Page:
On "Don't Vote for Bernie" Logic
I don't have a horse in this race, but I read lots of people on the web (e.g. Dave Winer) saying don't vote for Bernie, because (if he wins the Democratic nomination) then the Republicans will win in November. This makes little sense.
If Hillary Clinton can't beat Bernie Sanders, (and she couldn't beat Barack Obama, so this is a distinct possibility) why does anyone think she would nevertheless be able beat a magician like Donald Trump (or whomever, should Donald implode along the way) while Bernie would not be able to?
Let's think this through:
Democrats H v. B
Republicans D v. N
(H=Hillary, B=Bernie, D=Donald, N=Not Donald)
Let's further assume that the winner in each race has majority support in their party, with at least enthusiasm from their supporters, which has been the case in most primary elections by the end.
So at this point there are 4 possible general election contests (sorry Martin),
H v. D, H v. N, B v. D, B v N
The probability of Hillary having been able to defeat D (or N) when she received less than half the support in the Democratic primary (and loosely say less than 25% strong support nationally, since Independents and Republicans don't like her) two campaigns in a row (2008, 2016) seems weak.
For this to be true, one has to assume there are more Independents who would swing to Hillary but away from Bernie than the converse. This may hold if Hillary is perceived as more moderate and Independents were moderates, but that is not really the case.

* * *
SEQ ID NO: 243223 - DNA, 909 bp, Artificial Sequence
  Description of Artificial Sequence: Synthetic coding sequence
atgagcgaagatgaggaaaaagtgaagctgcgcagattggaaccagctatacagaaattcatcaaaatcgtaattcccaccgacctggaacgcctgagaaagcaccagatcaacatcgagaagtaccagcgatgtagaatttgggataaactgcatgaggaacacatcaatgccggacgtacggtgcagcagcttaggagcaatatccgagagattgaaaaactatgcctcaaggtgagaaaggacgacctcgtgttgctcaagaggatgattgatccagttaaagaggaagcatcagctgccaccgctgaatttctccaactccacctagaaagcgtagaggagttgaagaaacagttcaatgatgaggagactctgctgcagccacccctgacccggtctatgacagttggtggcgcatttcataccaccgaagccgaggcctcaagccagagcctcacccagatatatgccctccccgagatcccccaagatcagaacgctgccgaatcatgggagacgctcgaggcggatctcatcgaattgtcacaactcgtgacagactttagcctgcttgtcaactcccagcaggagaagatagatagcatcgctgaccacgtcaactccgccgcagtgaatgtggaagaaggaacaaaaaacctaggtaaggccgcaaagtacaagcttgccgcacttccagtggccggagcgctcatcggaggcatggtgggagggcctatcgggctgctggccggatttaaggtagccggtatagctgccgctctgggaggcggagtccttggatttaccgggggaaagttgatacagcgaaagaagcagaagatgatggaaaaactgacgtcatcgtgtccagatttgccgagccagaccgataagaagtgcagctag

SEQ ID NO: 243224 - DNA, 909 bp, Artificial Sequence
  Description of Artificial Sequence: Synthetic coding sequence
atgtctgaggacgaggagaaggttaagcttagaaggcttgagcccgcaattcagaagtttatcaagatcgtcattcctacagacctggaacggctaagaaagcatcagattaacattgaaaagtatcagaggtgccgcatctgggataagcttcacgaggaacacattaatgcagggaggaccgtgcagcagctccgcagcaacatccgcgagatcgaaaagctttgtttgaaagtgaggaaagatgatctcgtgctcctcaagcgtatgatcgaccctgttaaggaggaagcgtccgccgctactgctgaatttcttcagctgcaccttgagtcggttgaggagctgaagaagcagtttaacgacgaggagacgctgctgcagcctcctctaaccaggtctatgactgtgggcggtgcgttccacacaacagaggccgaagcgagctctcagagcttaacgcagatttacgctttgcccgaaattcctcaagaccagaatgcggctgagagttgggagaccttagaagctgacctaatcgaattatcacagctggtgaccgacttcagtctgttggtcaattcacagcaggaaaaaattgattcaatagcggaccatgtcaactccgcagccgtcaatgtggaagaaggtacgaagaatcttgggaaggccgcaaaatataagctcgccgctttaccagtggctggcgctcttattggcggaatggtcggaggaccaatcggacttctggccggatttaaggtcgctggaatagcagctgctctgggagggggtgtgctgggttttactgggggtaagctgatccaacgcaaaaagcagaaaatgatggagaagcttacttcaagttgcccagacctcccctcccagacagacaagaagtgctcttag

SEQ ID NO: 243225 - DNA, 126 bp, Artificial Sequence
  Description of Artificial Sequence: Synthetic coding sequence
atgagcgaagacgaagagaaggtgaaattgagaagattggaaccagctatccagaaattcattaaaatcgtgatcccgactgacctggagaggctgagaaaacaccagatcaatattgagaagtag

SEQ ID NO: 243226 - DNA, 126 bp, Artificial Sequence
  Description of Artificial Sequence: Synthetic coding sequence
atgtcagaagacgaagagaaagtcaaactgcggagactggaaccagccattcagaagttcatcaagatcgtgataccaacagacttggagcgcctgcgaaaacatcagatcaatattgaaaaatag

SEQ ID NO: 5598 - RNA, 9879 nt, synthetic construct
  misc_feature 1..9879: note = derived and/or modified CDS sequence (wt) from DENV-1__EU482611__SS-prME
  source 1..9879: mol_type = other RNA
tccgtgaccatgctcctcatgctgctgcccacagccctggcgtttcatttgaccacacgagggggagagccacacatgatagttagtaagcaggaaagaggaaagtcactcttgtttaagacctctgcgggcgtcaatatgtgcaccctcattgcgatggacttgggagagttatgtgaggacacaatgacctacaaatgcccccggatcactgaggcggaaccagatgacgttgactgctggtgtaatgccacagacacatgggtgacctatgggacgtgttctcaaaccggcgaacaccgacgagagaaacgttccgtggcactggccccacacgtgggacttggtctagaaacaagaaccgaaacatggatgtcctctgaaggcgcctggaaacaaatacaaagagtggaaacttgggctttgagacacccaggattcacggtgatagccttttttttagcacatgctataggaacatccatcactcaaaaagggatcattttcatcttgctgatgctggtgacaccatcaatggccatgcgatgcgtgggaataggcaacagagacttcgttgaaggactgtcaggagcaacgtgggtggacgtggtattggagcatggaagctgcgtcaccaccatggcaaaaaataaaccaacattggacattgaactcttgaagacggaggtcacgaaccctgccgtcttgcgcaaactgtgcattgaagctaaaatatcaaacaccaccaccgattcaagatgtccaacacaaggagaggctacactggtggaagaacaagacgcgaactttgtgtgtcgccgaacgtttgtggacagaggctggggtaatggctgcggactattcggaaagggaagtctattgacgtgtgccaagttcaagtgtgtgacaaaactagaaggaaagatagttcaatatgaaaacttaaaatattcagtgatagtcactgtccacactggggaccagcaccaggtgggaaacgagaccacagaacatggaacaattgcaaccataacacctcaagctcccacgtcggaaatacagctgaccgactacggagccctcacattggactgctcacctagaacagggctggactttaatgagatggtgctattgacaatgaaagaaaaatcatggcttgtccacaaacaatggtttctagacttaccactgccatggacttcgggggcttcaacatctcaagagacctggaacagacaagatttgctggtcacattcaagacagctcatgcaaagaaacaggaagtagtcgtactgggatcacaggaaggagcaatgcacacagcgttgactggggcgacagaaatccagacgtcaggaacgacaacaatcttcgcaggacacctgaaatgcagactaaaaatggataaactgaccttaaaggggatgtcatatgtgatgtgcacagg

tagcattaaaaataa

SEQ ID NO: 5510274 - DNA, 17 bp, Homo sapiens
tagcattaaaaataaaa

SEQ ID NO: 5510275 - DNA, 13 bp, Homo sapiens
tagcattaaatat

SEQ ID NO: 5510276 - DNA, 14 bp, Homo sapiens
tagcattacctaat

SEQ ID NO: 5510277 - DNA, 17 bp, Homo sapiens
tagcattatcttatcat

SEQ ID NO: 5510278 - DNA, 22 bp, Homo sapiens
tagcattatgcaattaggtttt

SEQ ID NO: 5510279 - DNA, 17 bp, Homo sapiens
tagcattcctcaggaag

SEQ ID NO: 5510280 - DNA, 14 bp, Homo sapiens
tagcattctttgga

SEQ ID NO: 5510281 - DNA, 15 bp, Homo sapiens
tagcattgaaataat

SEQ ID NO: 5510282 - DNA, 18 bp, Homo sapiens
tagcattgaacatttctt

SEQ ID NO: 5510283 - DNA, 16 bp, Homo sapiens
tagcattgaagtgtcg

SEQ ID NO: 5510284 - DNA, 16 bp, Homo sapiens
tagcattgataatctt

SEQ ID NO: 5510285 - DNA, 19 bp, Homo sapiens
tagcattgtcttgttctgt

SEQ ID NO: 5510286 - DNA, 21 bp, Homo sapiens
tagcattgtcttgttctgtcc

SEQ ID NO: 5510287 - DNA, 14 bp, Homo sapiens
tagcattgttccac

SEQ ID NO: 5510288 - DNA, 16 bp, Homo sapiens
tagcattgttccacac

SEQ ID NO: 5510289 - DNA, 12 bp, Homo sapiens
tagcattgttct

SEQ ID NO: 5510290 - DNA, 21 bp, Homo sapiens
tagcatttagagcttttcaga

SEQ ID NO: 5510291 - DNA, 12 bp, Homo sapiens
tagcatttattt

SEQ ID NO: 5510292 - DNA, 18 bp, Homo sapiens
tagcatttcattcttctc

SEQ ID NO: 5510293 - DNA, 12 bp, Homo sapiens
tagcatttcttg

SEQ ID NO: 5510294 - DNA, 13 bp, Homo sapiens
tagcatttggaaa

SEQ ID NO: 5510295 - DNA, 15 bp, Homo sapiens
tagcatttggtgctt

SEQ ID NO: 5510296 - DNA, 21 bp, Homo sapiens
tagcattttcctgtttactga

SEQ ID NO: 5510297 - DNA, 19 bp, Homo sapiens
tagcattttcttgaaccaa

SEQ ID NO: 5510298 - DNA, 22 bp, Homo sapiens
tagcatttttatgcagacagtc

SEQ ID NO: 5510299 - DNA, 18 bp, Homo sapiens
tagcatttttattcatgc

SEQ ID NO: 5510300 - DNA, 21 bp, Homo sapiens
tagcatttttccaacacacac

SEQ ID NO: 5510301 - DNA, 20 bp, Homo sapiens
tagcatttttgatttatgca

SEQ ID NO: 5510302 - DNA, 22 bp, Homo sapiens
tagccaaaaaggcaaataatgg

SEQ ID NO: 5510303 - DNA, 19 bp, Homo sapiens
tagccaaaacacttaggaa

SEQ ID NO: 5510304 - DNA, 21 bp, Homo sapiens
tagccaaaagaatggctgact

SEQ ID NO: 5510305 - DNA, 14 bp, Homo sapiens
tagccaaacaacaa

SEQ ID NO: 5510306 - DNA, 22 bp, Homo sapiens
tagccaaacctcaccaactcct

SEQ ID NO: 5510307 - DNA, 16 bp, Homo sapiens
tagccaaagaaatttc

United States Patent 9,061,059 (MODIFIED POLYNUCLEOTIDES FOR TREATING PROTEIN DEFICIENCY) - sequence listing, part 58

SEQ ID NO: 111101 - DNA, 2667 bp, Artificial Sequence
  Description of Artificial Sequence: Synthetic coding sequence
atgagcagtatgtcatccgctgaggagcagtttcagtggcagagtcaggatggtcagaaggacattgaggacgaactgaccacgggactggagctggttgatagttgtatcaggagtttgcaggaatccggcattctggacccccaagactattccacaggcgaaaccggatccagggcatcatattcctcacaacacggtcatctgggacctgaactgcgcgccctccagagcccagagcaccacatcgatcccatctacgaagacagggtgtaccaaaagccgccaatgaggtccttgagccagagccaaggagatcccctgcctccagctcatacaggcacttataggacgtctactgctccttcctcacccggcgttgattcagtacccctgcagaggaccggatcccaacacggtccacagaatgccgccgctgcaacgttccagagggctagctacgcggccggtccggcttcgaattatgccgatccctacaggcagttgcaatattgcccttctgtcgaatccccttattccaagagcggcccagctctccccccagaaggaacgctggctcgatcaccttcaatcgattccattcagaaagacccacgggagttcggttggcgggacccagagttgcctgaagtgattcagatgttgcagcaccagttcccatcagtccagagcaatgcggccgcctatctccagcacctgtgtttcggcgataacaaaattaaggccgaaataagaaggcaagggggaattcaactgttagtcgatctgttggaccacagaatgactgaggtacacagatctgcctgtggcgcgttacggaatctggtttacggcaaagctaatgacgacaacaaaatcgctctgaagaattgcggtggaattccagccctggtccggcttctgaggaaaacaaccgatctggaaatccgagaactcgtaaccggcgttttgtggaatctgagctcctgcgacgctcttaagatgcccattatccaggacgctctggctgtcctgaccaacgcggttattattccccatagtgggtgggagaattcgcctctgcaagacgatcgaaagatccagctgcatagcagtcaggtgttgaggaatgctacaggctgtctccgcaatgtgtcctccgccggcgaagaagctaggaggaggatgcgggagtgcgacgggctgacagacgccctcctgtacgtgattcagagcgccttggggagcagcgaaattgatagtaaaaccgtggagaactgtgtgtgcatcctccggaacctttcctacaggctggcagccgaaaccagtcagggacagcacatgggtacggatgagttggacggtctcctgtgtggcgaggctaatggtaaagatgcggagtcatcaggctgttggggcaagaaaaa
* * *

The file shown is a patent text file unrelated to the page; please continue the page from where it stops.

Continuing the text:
One also has to assume that Bernie voters are more likely to turn out for Hillary than Hillary voters would be to turn out for Bernie. There is no evidence for this assumption, and the converse is more likely to be true, since Bernie is the insurgent. (Similarly, I think it is plausible that non-Trump republican voters are more likely to turn out for Trump than Trump primary voters are to turn out for non-Trump, since Trump is attracting less mainstream voters, while party members want to win).
Sure the Democrats (or Republicans) will rally round the nominee, but as someone who was not preferred by the party she is purported to lead to victory in the General Election, she will not generate much widespread enthusiasm. The slogan "Resigned to Hillary" says it all.
Given the General Election contests are often tight, not having support of your own party is a problem (Bush '92, Carter '80). Given the possibility of a third party centrist candidate, this is even more tenuous, since the centrist will pull more from Hillary than from Bernie.
Being the first woman President will be attractive to some (and repulsive to others), perhaps, but so will the first Jewish President, or the first Canadian President, or the first Billionaire President, or whatever other socio-ethnic group is chosen.
In the event that Bernie won the nomination, it is evidence (in a Bayesian sense) that this "history" was not even important enough to her own party to nominate her.
So vote for who you want to be President, it's like buying a lottery ticket but free. Not voting for someone because of how someone else might vote in the next election (when the probability of your vote being decisive is pretty close to zero) is silly, the kind of FUD the Clintons are known for.